We’re told never to judge a book by its cover – but of course that’s a metaphor for life. People are not what they seem. Situations are not what they seem. But books? Honestly, I like my book cover to relate to the book content. I like being able to judge a book by its cover.
I support indie writers and that means I’ll often download a “hey my first book is free this weekend” book even if the cover is solid blue with white text in a plain font. I’ll download it with a poorly hand drawn picture. I’ll download it with a poorly photoshopped picture. So why does the cover matter?
Because, when I’m browsing at a book store, or online at Amazon or Kobo, it’s the cover that first catches my eye. The title is important, but you can have a mystery called “Runaway”, a thriller called “Runaway”, a teen angst drama called “Runaway”, and a book of poetry called “Runaway.” Looking at the title tells me nothing. Of course I usually browse by genre so that clears up some confusion.
The cover can tell the reader many things. If it’s a fantasy novel the cover might reveal if it’s contemporary fantasy or medieval fantasy, if it has wizards, dragons, or vampires, etc. It won’t reveal everything about the book, but it will help set the tone. A cover tells the reader if it’s a light fluffy book or a dark twisty book. The cover sets mood and tone.
I want to take a moment and make a few things clear. I support indie writers. I read just about every genre (INCLUDING erotic romances). I’ve written in many genres (INCLUDING erotic romance). I understand that romance goes from inspirational (all love no sex) to steamy (love and sex but tastefully and modestly done) to erotic (love and graphic sex) and yes I’ve read and written all three.
I recently joined several Facebook groups aimed at promoting books by indie writers. They’re basically places where you can post a link or pic or promo for your book. The idea being that you should check out what else is being posted from time to time. Since I’m editing my book right now I wanted to start supporting others, commenting on their posts, generally getting my name out there as someone who’s involved in the community. I’ve stumbled across a few books that made it to my wishlist. Overall it’s been a good experience.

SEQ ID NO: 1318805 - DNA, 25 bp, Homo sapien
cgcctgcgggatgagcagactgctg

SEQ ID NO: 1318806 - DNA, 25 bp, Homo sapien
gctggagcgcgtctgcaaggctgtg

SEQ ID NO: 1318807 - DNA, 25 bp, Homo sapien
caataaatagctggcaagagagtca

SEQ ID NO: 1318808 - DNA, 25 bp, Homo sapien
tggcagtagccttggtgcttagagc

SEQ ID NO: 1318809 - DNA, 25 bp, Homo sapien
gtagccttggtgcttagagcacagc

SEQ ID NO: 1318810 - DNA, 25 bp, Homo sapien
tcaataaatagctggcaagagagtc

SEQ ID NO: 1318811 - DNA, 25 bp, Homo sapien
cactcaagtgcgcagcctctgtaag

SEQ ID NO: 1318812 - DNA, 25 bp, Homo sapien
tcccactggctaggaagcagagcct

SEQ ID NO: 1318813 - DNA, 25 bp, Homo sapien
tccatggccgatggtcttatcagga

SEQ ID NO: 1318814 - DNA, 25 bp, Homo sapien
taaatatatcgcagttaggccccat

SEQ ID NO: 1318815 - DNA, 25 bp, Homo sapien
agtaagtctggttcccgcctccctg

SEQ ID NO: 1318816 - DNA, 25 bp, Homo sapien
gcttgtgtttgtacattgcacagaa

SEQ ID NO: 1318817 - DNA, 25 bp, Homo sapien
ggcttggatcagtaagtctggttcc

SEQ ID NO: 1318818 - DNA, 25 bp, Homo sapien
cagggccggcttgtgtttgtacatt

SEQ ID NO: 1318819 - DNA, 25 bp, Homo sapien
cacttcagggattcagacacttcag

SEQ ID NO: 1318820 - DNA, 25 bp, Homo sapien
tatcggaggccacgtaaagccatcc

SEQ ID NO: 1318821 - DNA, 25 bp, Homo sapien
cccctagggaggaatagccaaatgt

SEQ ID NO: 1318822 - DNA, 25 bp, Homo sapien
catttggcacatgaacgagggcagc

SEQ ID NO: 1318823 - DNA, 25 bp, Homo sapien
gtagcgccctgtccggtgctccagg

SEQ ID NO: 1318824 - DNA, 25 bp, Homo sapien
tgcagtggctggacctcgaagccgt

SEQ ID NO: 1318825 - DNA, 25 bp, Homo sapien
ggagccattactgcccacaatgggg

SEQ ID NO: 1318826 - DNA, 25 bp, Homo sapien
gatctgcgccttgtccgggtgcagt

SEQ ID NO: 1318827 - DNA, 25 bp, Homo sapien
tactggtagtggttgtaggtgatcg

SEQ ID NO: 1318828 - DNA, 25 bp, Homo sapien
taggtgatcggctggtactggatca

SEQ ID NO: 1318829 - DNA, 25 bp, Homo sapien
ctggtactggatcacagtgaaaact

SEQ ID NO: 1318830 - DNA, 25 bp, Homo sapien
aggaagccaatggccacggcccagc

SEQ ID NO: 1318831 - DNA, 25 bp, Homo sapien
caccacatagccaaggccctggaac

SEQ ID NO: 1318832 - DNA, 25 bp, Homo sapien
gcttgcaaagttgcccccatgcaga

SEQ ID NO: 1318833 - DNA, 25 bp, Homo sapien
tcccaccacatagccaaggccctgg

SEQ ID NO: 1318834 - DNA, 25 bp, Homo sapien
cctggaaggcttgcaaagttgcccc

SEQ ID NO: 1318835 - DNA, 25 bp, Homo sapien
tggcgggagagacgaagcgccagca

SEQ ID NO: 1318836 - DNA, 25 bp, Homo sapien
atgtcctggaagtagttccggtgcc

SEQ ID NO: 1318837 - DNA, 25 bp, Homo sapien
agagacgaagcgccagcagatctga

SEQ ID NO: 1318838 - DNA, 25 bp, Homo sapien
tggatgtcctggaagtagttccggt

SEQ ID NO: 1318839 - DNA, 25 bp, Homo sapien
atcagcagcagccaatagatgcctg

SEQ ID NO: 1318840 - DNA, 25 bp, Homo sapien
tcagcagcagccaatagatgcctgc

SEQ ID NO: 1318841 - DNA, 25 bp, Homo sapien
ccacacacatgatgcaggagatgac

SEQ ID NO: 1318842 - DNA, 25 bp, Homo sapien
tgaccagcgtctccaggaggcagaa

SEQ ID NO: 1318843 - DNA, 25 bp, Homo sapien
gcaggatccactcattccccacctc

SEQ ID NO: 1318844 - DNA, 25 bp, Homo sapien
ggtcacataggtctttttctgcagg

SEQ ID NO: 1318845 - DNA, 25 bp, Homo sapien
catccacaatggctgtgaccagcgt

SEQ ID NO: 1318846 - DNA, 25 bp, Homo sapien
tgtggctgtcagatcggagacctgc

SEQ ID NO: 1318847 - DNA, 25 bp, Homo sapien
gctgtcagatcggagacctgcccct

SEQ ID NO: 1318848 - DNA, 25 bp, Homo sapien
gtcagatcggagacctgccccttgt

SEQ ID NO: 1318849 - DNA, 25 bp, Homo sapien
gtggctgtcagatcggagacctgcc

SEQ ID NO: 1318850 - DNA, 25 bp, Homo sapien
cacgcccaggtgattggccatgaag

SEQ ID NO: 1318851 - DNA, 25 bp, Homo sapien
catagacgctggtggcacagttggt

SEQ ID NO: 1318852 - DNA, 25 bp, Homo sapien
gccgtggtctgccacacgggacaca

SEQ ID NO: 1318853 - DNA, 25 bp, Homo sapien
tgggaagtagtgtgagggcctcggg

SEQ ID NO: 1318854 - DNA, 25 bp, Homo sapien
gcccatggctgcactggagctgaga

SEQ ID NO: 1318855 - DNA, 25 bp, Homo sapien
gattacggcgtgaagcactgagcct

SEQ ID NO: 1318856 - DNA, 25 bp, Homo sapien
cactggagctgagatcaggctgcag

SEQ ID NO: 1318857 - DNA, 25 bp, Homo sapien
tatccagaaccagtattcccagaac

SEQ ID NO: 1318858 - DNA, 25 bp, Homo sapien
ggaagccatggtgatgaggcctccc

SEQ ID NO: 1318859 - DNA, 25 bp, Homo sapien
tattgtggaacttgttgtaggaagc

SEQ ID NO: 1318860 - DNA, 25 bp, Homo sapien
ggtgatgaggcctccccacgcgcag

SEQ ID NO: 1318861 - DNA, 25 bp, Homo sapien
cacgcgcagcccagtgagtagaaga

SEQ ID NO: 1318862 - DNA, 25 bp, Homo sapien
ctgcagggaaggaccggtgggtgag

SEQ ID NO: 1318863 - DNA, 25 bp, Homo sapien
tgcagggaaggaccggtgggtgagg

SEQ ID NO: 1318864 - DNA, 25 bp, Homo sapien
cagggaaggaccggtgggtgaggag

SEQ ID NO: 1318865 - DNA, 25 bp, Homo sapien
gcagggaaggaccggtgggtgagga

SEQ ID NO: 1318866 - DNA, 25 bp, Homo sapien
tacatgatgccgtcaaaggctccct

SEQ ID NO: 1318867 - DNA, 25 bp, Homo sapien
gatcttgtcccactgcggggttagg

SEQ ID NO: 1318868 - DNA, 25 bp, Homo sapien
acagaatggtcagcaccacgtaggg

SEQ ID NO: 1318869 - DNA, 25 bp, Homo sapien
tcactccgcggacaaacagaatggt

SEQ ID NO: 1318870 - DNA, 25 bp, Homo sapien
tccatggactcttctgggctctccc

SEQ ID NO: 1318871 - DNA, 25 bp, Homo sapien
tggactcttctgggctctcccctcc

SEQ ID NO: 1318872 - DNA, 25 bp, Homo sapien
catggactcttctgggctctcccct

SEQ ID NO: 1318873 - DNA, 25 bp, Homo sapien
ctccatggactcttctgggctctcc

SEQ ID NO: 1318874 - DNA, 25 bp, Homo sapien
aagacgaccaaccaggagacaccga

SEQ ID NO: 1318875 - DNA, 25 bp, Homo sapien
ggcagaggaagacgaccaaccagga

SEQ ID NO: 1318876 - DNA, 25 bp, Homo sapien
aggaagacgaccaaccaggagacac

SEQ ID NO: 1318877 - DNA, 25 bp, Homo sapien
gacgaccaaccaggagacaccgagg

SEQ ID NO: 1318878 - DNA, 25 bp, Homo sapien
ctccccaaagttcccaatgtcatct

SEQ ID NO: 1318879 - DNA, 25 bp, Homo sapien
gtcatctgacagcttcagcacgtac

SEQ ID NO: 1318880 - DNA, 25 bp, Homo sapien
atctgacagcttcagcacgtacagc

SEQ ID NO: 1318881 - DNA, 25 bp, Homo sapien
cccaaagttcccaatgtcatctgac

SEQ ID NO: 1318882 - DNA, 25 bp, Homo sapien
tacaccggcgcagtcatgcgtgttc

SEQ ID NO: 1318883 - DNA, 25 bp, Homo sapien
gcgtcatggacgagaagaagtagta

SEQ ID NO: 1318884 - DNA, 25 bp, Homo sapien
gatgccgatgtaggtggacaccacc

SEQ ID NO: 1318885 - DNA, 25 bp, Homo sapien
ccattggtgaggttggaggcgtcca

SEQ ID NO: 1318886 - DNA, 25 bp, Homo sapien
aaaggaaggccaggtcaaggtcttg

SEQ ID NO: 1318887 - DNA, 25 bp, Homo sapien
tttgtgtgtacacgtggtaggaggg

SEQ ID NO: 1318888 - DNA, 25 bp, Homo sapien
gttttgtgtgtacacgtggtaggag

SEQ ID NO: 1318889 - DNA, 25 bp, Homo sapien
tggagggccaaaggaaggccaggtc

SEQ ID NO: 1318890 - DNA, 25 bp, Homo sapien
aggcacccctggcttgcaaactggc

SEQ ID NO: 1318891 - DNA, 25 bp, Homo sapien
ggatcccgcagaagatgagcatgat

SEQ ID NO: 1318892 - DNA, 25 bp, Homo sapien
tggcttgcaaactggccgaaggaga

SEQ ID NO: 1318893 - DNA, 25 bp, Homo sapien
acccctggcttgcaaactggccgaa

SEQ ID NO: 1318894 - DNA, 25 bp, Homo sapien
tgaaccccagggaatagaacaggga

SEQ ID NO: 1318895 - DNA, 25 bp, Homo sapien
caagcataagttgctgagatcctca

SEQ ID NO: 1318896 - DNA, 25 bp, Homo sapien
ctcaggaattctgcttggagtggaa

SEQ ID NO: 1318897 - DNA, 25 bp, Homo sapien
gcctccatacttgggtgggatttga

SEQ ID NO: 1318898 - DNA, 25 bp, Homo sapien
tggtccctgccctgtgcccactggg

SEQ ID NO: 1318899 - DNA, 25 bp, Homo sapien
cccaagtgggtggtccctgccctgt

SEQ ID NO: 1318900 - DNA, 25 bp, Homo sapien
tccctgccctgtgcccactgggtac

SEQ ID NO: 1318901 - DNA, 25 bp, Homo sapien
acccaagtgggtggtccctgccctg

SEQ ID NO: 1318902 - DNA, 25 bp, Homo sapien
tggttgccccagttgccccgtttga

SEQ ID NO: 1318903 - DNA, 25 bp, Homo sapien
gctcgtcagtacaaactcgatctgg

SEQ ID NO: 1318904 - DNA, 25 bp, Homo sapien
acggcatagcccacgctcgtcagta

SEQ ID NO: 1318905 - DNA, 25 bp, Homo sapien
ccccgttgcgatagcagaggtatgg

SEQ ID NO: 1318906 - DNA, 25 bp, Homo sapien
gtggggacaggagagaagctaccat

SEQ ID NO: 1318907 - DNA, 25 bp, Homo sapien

Then today I’m scrolling through Facebook on my tablet and I get a full screen image of a guy, dress shirt unbuttoned and pulled back, nothing else on but a pair of white gitch (and not even boxers, we’re talking tighty-whiteys here). He’s sitting on a chair or bench or something, and it’s just chest, arms, and crotch with a dirty caption.
This is not what I want to see. This doesn’t get me interested in the book. Neither does pictures of girls stripping or people making out, half dressed (or less), or people basically in the act of having sex.
Like I said, I read the genre, I write the genre, but these images are such a turn off.
Anyway, rant aside, what does make a good cover?
Besides being an offense to my slightly prudish tastes (considering how raunchy I can write that’s meant to be a joke) that cover was professionally done. It was neat, no obvious photoshop masking lines, obviously semi-professional model, at least. It’s a well made cover. And I’m betting it suits the book.
A good cover needs to suit the book, if it portrays a character that portrayal needs to be accurate (the covers for the edition of the Black Jewel novels I have bug me because the MC is in her early to late twenties in book 2 and 3 but looks older on the covers), the font needs to suit the tone of the book, and be readable (in print, on screen, in thumbnails, etc).
Better quality will always attract more readers, such is the way of the world, so cutting out a pic of your friend posing in a period dress and pasting it over an image of a castle and typing your title on it might not catch everyone’s attention. It screams “mediocre” and “rough draft” and people will think that your text will be the same. It’s not fair, but it’s truth.
I feel that sometimes this is a hot topic for writers. It can cost a lot of money for a professional cover, money we may never make back. I’ve discussed the costs of art before so I won’t do it here.